Burying your head in the sand now is not an option for futurologist and management consultant Harry Gatterer. Instead, entrepreneurs must develop long-term visions as well as make investments. The gastronomy industry, on the other hand, could be ruined by its current corona tactics.
Mr Gatterer, everyone is talking about the “world after Corona”, as well as the “new normality”. Do you consider this to be an exaggeration? Do you really believe the working world will be different after Corona?
Corona has already changed the working world. This lasting effect will definitely be felt. On the one hand, we have taken an absolute crash course into the digital world. In other words, we basically relearned overnight how to deal with and work with the technical infrastructure. Right now it’s not just about home office, which will become increasingly widespread in the future, but also about addressing the general question: Where do we need to encounter actual people, and where is it not necessary? We are not only talking about office workplaces, but also about the hotel business, for example. Sure, guests come. But the question is, will I stay in touch with this hotel when I’m not on vacation? In other words, as a guest, can I also be part of the hotel experience during the year, for example, through webinars? I’m convinced that’s what will happen. However, for a business, it will also call for a new quality of working methods, ideas and technical environment. Thus, in many ways, we will sense that the working world is and will be different than before Corona.
So if the working environment is going to change irrevocably as a result of Corona, what will this mean for companies? What should they expect? How can they address this new situation?
One thing that is certain is that this is one of the most entrepreneurial times ever.
Because the shutdown has disrupted structures that cannot simply be revived. This encourages us to create many more creative spaces, to undertake new things in the truest sense of the word. If there is such a thing as advice for entrepreneurs right now, it is that these times calls for maximum creativity. Today, the first thing to do is to consider the questions: Who have I never worked with before? What possibilities do I have to expand my business?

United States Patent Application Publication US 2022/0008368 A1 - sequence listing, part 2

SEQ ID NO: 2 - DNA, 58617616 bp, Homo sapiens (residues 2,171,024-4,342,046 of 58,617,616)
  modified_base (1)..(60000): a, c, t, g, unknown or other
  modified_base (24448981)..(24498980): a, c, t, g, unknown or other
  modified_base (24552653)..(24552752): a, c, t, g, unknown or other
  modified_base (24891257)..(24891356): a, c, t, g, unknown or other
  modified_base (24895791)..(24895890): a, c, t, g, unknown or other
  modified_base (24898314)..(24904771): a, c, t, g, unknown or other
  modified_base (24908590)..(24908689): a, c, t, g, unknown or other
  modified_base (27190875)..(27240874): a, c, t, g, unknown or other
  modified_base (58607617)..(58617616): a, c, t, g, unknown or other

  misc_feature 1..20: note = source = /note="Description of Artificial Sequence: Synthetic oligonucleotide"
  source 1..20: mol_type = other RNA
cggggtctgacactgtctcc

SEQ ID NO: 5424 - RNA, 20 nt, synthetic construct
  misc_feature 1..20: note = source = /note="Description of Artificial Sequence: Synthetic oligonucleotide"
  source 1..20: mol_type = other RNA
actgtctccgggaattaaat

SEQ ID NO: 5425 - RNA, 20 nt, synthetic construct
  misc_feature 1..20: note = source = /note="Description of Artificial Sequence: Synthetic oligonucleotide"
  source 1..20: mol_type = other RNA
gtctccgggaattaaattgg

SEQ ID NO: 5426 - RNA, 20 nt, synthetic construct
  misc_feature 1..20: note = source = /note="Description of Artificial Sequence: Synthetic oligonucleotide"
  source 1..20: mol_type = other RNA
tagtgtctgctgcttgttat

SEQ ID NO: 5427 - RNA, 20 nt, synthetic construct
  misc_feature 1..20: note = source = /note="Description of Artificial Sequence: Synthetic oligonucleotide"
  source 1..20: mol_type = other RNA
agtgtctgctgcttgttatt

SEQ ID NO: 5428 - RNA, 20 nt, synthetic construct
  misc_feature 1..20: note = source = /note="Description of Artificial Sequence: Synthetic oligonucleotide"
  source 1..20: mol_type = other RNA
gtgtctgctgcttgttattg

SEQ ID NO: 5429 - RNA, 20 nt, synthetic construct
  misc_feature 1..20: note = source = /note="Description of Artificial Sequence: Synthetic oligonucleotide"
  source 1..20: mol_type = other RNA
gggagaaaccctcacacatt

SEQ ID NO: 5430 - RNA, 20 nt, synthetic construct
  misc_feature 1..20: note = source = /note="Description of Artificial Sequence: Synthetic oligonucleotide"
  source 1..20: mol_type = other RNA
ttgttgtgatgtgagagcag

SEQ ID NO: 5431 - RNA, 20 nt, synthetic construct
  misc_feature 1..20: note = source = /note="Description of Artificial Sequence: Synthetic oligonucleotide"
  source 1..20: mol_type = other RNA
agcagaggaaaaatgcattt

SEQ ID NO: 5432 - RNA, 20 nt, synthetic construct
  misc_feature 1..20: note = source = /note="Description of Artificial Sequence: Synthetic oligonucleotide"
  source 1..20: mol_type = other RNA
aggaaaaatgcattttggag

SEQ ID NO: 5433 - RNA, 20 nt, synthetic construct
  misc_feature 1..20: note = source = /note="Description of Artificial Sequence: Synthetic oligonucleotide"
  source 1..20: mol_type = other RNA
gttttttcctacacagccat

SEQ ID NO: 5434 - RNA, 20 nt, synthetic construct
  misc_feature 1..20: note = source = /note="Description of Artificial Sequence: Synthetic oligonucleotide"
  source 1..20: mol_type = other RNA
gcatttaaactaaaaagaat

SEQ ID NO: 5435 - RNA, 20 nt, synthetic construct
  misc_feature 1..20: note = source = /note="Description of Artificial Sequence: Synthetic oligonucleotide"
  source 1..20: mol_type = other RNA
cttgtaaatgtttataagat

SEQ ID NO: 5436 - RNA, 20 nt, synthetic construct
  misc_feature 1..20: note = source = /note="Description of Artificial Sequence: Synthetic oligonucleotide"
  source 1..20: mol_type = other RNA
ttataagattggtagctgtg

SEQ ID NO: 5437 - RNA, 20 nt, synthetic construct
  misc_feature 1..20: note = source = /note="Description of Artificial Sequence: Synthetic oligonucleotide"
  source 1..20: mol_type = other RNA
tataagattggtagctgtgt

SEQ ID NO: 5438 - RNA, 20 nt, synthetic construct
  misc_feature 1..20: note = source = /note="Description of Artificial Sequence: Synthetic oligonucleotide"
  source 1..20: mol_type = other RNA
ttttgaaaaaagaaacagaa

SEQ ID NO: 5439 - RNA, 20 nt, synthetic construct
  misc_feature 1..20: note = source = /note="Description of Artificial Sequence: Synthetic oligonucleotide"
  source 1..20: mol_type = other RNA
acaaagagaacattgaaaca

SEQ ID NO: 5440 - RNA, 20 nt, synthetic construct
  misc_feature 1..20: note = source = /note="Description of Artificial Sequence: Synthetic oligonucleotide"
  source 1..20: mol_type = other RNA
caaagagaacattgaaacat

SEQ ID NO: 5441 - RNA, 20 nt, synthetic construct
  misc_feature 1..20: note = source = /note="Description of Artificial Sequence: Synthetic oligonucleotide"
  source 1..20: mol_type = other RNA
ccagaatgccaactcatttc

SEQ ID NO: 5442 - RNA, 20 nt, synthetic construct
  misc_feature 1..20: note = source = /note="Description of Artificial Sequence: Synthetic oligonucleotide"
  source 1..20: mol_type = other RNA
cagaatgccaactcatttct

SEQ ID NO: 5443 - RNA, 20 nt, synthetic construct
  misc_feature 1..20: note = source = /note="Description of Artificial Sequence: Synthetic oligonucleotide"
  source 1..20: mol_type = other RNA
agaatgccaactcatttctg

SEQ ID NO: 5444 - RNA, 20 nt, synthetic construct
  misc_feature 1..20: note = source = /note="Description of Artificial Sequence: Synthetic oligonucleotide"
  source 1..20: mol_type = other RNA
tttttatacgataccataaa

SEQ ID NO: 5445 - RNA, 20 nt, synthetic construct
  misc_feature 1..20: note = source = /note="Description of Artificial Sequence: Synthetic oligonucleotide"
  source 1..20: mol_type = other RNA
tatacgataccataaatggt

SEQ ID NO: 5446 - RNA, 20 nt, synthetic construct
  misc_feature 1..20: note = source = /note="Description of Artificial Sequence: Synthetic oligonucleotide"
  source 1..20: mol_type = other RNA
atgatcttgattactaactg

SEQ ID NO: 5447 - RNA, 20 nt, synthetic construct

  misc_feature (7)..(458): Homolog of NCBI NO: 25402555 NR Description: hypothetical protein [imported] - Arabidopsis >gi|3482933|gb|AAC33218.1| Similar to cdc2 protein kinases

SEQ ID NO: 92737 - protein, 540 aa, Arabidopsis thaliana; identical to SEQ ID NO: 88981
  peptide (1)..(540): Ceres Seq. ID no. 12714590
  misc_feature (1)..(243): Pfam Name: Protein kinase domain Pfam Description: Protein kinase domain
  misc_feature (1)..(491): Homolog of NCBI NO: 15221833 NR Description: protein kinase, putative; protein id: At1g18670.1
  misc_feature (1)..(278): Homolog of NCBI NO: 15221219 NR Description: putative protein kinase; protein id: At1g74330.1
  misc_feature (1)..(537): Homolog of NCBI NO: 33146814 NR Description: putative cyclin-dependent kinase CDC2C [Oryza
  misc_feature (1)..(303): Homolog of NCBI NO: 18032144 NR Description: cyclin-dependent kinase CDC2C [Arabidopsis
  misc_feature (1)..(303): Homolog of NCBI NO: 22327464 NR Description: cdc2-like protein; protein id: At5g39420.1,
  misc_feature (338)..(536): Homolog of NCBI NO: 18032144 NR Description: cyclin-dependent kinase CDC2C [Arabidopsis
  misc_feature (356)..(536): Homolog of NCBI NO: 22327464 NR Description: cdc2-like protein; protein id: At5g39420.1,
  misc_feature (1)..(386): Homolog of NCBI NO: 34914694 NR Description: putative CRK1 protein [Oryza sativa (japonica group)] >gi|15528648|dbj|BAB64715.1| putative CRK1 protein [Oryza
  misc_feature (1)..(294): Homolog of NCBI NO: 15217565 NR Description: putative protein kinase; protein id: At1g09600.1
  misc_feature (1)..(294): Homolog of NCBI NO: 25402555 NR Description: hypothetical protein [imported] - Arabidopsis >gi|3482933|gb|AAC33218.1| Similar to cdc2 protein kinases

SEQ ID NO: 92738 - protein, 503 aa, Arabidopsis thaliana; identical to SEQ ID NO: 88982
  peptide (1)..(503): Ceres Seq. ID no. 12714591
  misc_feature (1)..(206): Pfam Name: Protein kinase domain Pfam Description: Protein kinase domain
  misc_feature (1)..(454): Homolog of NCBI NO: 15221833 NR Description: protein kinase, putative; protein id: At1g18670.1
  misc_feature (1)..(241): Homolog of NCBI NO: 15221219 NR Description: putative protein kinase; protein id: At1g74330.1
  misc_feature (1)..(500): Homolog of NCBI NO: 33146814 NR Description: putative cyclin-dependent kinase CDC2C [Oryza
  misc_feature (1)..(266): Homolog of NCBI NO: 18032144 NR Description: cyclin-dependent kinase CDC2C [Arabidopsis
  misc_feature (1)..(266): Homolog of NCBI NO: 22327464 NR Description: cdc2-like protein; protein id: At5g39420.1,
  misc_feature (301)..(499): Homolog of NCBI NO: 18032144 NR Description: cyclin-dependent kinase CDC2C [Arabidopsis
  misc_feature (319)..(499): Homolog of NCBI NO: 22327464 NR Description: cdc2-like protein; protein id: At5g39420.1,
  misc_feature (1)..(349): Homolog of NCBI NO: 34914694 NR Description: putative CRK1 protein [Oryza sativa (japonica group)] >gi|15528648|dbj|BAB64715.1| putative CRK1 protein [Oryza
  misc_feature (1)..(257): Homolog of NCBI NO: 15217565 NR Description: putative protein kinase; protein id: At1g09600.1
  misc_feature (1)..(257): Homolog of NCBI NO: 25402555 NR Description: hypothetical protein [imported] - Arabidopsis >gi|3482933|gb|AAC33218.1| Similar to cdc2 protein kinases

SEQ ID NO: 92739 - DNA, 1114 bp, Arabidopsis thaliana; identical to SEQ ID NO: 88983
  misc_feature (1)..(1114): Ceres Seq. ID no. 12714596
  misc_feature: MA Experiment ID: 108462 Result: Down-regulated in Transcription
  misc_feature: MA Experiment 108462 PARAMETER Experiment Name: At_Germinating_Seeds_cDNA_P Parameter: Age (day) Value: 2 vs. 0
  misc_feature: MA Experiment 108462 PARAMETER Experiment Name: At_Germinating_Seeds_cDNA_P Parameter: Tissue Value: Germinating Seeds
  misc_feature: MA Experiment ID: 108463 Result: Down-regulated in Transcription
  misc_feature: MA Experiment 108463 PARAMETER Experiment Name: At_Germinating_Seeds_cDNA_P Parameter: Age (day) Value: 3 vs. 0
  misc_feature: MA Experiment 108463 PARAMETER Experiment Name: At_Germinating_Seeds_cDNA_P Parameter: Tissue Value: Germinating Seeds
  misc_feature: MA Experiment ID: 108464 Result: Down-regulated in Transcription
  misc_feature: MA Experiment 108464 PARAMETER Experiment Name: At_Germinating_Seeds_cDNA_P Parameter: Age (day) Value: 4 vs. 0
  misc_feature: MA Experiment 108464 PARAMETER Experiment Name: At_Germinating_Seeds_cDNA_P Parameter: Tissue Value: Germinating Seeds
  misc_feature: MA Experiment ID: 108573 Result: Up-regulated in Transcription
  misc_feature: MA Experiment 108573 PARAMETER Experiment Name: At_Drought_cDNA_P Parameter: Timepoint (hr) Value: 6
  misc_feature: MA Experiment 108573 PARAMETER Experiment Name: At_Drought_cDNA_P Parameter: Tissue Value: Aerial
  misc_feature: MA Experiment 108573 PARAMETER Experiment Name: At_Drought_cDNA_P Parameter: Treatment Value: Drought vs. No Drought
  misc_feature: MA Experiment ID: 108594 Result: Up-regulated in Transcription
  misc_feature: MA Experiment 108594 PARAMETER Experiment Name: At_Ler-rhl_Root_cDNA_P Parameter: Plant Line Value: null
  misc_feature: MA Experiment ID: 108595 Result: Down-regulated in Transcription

As compelling as this all sounds, in these uncertain times is it at all feasible, let alone realistic, for entrepreneurs to plan for the long term? Isn’t an entrepreneur currently doomed to short-termism? After all, Corona has exposed an uncanny fragility in our value chain …
Actually, the exact opposite is true! Right now I have to think long-term! As an entrepreneur, I obviously need a high degree of adaptability, and to ensure this adaptability, I definitely need to have long-term thinking. If I don’t have that, then I adapt all the time, but I only exhaust myself, because I don’t know what I’m doing this for, or where I’m headed. It may of course feel anti-cyclical to invest now. But what I need now – and this is entrepreneurship by definition! – is the courage to develop a vision of the future that is long-term, and to set out on the path towards it. The word “vision” is also commonly used in this context. By the way, this does not exclude the possibility that you will have to be very flexible in your efforts to get ready for the months ahead. Will there be a second wave, yes or no? No one knows. The majority of entrepreneurs are already getting ready for this eventuality.